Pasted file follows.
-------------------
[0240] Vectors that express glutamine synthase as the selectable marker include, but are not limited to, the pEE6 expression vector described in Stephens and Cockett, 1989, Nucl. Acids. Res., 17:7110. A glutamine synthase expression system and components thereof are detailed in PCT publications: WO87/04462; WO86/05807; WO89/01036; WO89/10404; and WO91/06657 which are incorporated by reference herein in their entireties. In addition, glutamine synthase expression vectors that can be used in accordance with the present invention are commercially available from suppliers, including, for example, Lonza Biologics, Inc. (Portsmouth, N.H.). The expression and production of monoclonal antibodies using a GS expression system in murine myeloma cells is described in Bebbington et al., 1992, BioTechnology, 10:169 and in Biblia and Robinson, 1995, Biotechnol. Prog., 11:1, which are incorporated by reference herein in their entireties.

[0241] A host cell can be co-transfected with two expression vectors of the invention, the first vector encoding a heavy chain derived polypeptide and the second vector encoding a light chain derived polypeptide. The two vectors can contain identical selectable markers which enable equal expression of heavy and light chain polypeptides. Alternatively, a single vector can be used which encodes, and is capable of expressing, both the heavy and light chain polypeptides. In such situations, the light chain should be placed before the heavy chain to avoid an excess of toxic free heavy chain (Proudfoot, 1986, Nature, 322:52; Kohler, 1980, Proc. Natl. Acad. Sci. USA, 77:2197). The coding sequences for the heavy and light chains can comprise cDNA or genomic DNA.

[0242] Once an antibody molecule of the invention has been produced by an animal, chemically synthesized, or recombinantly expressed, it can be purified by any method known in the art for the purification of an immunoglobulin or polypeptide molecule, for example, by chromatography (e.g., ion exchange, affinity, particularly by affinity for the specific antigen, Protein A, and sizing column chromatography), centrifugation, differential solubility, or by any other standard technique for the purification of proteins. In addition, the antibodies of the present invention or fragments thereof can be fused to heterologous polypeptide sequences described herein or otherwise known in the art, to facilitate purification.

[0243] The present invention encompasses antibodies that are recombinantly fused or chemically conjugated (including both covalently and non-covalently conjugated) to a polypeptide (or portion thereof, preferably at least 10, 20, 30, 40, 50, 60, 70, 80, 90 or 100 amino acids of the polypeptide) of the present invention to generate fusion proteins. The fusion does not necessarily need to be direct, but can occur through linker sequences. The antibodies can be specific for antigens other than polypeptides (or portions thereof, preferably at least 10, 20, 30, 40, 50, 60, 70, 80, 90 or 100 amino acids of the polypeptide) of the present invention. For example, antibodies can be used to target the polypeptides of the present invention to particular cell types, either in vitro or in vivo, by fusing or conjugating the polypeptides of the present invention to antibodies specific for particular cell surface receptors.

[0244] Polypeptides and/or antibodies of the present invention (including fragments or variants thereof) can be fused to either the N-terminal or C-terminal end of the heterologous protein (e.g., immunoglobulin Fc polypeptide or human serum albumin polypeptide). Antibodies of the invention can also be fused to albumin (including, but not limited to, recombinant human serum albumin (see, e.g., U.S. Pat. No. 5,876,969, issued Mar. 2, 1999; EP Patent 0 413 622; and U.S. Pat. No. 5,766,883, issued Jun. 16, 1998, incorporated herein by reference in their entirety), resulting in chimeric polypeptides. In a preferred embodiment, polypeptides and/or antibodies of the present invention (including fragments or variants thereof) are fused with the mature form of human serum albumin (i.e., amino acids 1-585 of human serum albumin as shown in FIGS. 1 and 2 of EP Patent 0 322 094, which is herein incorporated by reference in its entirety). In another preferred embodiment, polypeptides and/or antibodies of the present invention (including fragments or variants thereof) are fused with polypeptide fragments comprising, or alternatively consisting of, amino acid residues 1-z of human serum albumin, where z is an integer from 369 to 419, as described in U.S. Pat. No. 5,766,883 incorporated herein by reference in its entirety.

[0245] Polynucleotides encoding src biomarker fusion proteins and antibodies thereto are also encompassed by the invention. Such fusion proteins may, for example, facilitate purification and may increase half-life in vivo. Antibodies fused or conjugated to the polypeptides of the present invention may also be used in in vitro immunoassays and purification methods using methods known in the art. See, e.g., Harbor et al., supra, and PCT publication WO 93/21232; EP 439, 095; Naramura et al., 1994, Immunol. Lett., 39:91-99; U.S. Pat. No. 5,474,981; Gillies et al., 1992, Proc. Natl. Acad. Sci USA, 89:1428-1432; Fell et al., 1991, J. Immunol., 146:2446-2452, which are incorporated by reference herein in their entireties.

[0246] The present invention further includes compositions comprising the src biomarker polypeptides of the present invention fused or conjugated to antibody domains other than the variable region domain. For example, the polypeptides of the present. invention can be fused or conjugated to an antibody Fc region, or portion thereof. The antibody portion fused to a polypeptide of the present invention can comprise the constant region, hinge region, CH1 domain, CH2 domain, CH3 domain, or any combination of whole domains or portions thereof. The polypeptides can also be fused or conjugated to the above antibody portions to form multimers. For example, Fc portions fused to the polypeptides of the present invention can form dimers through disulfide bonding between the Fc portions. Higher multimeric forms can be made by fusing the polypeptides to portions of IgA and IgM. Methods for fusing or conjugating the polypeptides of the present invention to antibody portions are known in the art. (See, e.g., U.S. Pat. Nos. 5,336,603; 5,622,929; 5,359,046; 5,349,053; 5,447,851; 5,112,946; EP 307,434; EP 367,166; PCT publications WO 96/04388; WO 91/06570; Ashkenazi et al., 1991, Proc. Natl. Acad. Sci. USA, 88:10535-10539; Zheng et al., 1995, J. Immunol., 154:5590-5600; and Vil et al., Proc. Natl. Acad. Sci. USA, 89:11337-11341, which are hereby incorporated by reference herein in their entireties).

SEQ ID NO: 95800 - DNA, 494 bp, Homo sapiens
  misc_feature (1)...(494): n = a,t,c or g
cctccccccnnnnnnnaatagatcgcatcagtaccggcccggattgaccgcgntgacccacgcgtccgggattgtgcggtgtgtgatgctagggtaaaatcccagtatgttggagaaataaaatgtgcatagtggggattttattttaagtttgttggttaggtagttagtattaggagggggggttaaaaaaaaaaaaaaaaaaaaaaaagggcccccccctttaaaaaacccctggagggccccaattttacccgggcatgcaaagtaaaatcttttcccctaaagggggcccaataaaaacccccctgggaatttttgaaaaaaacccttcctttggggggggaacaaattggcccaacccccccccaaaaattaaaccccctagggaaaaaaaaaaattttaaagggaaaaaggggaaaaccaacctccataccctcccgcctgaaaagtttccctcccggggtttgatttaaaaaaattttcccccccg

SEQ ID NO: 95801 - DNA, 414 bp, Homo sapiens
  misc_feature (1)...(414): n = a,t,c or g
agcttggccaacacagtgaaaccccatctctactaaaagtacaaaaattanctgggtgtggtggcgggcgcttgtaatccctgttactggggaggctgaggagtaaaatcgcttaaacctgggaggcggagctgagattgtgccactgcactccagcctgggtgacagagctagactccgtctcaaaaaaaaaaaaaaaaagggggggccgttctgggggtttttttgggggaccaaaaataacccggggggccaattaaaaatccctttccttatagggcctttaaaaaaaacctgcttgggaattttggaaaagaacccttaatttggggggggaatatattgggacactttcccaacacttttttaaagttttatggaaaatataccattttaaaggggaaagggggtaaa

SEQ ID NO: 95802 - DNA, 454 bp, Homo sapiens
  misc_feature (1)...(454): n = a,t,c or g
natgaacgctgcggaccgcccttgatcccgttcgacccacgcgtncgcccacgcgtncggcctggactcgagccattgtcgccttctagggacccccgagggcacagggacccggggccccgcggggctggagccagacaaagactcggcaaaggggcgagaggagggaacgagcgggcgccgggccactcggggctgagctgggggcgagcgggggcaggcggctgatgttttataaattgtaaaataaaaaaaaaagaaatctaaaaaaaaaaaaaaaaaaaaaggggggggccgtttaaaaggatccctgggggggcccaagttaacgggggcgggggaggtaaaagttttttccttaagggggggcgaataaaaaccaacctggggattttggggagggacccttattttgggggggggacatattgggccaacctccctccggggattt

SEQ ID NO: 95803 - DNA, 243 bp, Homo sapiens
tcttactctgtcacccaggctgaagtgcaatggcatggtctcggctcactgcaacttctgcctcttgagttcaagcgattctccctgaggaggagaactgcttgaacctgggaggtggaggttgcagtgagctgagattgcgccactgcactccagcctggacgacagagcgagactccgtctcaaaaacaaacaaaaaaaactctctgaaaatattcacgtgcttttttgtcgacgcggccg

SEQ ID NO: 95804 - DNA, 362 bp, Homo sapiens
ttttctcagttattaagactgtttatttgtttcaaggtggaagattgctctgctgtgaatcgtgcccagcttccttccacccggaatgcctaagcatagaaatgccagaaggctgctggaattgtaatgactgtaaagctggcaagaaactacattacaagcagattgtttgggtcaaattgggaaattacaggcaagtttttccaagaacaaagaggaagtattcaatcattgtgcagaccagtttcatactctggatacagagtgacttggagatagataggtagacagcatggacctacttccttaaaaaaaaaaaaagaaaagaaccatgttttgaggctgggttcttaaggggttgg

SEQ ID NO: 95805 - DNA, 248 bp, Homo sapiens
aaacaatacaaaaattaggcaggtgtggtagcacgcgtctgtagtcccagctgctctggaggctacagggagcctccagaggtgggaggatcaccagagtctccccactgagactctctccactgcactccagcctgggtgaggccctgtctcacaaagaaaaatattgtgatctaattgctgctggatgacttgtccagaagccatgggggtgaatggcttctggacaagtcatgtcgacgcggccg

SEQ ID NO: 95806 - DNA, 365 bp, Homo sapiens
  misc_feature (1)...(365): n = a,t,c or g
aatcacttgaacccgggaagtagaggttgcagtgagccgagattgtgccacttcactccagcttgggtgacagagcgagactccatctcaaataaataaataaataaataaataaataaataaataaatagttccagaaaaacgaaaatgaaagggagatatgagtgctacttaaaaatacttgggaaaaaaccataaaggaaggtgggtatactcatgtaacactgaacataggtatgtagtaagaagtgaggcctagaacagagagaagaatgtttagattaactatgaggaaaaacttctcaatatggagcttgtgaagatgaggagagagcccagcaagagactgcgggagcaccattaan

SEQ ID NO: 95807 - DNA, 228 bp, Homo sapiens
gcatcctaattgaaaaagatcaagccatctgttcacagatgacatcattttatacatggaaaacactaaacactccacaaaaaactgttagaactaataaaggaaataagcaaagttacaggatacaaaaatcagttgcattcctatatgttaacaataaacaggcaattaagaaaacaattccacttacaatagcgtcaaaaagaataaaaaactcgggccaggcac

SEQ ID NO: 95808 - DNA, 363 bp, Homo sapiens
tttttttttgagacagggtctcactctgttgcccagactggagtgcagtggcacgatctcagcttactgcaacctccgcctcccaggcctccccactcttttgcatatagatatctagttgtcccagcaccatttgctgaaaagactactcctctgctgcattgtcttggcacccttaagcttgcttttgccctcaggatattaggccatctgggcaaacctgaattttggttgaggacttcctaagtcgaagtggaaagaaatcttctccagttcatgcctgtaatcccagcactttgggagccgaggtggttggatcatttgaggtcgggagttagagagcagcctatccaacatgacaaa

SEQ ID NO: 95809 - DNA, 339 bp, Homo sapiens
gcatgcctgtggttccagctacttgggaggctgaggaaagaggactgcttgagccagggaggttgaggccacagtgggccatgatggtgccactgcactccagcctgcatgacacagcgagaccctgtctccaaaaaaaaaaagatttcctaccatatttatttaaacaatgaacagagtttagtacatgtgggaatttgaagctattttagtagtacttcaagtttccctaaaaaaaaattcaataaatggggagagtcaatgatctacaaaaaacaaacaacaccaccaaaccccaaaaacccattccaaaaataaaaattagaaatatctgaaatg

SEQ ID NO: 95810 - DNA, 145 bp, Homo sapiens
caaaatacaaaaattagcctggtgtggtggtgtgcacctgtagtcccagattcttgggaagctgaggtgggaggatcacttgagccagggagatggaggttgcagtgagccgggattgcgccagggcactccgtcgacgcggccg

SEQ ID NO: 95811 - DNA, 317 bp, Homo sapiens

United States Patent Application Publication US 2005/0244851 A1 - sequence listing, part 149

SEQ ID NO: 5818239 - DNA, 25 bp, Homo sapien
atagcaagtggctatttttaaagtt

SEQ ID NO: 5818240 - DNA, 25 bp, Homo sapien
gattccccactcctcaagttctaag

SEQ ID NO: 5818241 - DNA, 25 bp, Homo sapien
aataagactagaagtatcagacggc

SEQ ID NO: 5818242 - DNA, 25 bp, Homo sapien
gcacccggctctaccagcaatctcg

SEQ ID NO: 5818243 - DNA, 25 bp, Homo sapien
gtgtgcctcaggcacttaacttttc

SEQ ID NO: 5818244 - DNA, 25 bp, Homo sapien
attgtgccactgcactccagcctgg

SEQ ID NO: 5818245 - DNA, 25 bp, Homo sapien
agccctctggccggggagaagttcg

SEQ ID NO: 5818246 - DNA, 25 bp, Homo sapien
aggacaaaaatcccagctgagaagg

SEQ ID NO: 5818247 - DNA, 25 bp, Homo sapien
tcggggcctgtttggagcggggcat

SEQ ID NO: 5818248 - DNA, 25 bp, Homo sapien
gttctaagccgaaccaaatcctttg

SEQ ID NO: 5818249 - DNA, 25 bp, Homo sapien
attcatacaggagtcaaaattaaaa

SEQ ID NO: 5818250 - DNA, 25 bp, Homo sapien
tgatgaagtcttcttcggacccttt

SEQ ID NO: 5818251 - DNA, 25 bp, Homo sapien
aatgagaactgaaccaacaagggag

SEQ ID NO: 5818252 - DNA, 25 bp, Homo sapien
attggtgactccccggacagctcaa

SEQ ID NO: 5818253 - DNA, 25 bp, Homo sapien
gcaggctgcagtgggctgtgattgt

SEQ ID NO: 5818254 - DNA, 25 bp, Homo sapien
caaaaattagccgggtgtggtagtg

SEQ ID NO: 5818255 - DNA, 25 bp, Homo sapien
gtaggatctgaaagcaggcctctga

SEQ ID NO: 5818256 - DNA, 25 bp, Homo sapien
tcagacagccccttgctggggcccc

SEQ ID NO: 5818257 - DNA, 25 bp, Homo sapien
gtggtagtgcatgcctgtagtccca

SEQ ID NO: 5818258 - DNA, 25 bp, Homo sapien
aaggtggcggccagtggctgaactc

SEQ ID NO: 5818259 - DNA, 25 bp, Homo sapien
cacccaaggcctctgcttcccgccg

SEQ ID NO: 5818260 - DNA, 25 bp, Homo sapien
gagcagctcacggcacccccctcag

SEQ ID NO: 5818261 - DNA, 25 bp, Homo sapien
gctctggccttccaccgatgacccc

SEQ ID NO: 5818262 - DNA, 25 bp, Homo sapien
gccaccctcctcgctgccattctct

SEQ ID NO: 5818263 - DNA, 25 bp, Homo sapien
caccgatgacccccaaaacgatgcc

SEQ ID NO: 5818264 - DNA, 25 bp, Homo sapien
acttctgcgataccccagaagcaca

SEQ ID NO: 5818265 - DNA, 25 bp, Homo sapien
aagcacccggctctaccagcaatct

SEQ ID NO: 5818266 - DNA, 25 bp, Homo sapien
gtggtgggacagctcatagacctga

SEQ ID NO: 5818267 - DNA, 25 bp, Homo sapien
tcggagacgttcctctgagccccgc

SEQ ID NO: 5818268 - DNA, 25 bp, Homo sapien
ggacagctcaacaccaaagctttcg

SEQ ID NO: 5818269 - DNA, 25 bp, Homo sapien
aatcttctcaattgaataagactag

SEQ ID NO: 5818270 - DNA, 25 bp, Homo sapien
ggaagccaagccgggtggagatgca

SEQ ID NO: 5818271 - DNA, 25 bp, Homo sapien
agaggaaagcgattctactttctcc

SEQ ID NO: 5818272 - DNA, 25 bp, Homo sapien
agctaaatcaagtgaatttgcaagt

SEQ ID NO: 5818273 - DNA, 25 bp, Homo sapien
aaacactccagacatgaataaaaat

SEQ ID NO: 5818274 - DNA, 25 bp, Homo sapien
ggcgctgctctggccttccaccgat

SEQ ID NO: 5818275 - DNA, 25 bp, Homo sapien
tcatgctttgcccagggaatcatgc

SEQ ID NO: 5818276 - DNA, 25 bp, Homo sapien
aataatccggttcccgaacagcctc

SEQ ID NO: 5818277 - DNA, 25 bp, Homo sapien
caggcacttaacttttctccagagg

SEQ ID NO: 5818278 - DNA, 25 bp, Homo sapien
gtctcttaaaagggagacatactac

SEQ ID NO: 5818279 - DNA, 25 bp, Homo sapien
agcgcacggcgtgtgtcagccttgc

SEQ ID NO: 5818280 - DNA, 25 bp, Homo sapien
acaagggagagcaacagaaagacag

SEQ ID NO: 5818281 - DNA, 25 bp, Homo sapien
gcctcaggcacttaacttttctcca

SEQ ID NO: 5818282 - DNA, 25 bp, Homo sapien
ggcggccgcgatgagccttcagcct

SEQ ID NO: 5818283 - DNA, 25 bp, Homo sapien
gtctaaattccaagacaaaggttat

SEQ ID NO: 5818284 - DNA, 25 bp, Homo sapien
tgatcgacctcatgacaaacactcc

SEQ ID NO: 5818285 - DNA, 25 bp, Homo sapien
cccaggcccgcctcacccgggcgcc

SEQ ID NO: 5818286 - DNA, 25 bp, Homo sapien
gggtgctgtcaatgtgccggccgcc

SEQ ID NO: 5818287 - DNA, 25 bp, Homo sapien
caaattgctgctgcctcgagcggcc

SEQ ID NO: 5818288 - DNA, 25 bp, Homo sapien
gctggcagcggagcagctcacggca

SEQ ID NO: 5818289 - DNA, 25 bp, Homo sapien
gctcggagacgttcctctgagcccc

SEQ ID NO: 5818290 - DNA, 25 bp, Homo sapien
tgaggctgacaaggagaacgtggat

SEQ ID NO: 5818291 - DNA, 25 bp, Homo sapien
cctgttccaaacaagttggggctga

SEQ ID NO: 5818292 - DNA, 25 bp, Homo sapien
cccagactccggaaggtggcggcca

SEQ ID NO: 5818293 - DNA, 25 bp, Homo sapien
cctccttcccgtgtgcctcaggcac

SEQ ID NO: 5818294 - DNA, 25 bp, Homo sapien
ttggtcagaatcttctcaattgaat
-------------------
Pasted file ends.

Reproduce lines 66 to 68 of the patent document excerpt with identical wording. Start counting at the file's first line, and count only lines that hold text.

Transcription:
SEQ ID NO: 5818254 - DNA, 25 bp, Homo sapien
caaaaattagccgggtgtggtagtg

SEQ ID NO: 5818255 - DNA, 25 bp, Homo sapien